story Maurice G. Garland /// photography Michael Blackwell
Yeah, “It’s Goin’ Down” may be the tune that put Atlanta’s Yung Joc on the map in 2006, but since then, everything in his life has been going up, up and away. After riding his motorcycle dance to the top of the charts, a Grammy nomination for his first single and a platinum plaque for his debut album, New Joc City, the cool, collected rapper born Jasiel Robinson could easily have splurged his paychecks on fancy whips. As part of Forbes’ highest-earning rappers list for 2006, Joc’s gotta look the part, right? Well, instead of copping candy-licked Phantoms that cost more than some houses, he chose to keep his personal fleet old-school and buy up expensive luxury whips to start a rental service, Import Rentals.
That kind of business acumen shouldn’t be too much of a surprise. He grew up watching his father start a successful hair-care product line and still hustled his way through school living with 11 brothers and sisters. If that isn’t proof enough, he walks around sporting a diamond-encrusted “H” that stands for Hustlenomics (also the name of his upcoming sophomore album) to drive the point home. Entrepreneurial lineage, motorcycle dances and a car rental company? It’s obvious that the grind is literally racing through Joc’s veins.
Why did you choose to start your luxury car rental service, Import Rentals?
One time when I went to Miami, I had a New Joc City winning weekend. I had a contest where I wanted to treat my fans to a good time. So I rented some Lamborghinis and let some of them ride with me for a little while. We had such a good time. I thought it was cool to rent these types of vehicles, so I thought it might be something that I’d want to do for myself and others.
What kind of rides are you offering?
Right now, I have a S550 Benz, an SL, a CLS, BMW 745, ’06 Range Rovers, a couple of drop-top Jags and a bunch of vans. All of the cars are sitting on 22s, and the SUVs are on 26s.
What kind of clientele do you typically have?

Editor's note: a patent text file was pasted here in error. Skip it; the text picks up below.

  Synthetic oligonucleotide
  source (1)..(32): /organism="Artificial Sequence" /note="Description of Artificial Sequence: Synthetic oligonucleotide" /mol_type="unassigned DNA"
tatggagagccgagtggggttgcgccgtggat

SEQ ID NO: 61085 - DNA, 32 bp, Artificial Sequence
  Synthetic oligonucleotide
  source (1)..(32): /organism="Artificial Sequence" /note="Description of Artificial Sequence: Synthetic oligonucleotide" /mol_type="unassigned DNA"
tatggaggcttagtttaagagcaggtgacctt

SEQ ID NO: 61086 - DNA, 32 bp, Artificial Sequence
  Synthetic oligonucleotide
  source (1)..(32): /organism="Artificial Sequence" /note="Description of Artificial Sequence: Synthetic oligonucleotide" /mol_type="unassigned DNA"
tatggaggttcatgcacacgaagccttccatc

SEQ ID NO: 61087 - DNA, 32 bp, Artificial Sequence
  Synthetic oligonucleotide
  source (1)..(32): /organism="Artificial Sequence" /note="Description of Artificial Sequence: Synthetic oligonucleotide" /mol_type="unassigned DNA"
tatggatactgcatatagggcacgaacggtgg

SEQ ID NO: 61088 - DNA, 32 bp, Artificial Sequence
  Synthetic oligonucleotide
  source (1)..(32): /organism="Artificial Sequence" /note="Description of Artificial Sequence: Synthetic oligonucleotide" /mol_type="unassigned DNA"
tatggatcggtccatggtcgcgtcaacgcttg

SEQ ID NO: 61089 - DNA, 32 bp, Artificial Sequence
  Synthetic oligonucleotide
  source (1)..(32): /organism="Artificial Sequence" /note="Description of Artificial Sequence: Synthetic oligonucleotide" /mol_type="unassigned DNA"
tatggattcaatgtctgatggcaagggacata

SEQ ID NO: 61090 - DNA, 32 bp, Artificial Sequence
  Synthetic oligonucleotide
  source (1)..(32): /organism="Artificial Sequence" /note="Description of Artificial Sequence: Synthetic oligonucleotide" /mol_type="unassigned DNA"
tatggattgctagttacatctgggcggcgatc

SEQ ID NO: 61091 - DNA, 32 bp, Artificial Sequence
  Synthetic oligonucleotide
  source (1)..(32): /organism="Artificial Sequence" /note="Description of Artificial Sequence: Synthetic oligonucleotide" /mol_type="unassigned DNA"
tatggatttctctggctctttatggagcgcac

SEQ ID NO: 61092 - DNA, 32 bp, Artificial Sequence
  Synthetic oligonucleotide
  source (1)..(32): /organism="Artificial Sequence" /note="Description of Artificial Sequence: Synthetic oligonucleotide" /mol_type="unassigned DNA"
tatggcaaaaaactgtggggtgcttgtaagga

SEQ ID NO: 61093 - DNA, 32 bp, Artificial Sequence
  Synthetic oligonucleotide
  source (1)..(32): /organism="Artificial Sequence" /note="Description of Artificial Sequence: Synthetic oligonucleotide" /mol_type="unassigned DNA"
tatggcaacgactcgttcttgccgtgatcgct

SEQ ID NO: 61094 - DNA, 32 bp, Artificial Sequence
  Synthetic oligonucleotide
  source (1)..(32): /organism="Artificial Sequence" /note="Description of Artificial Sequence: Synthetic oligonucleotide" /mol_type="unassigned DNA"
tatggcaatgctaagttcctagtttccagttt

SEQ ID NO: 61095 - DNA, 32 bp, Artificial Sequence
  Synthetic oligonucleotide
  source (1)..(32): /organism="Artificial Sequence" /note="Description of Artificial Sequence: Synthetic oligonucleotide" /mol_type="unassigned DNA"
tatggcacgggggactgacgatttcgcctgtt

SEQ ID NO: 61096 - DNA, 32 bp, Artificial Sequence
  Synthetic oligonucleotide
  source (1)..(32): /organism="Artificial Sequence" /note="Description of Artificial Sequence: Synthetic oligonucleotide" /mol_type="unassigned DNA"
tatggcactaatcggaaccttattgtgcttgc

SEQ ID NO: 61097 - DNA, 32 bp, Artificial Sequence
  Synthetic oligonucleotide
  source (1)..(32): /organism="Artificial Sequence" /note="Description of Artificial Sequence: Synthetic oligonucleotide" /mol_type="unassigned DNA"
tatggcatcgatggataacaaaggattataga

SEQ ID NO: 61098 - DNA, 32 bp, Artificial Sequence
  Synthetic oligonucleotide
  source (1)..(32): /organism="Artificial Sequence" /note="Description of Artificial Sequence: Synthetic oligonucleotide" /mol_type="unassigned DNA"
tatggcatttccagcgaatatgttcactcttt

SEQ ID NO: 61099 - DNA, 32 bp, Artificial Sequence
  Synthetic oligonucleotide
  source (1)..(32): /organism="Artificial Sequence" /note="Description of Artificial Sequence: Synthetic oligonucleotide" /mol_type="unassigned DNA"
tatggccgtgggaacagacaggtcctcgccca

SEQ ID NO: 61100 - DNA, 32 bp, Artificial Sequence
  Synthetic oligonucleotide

It’s random people who just want something nice while they’re in town. It could be a church pastor, singer, rapper, different types of business people. It’s very broad. Renting out cars is damn close to letting people borrow your own ride.
What kinds of problems have you run into?
One of the problems is just trust. Imagine someone coming to you to get a car for a couple of days, and you don’t even know them. It can be awkward, so I have requirements for rental, just like any other company. Some people have a bad driving record, or they may not have a credit card or insurance. Those are the main challenges. People don’t understand that things like accidents are expensive. Like wrecking rims, for instance. Yes, the insurance pays for it, and the deposit on the rental may pay for it, too, but it’s a problem to actually replace them.
Have people tried to steal cars from you?
No, not yet, fortunately. But I have GPS tracking systems on all of the cars. So I can monitor the speeds and location at all times.Being an entertainer, you have to travel a lot in cars that aren’t your own. Do you rent when you go out of town? No. When I go to other cities, I just hire a driving service. I don’t like being held responsible for other people’s property. I don’t like to have a situation where something happens, like a scratched window or a dented door.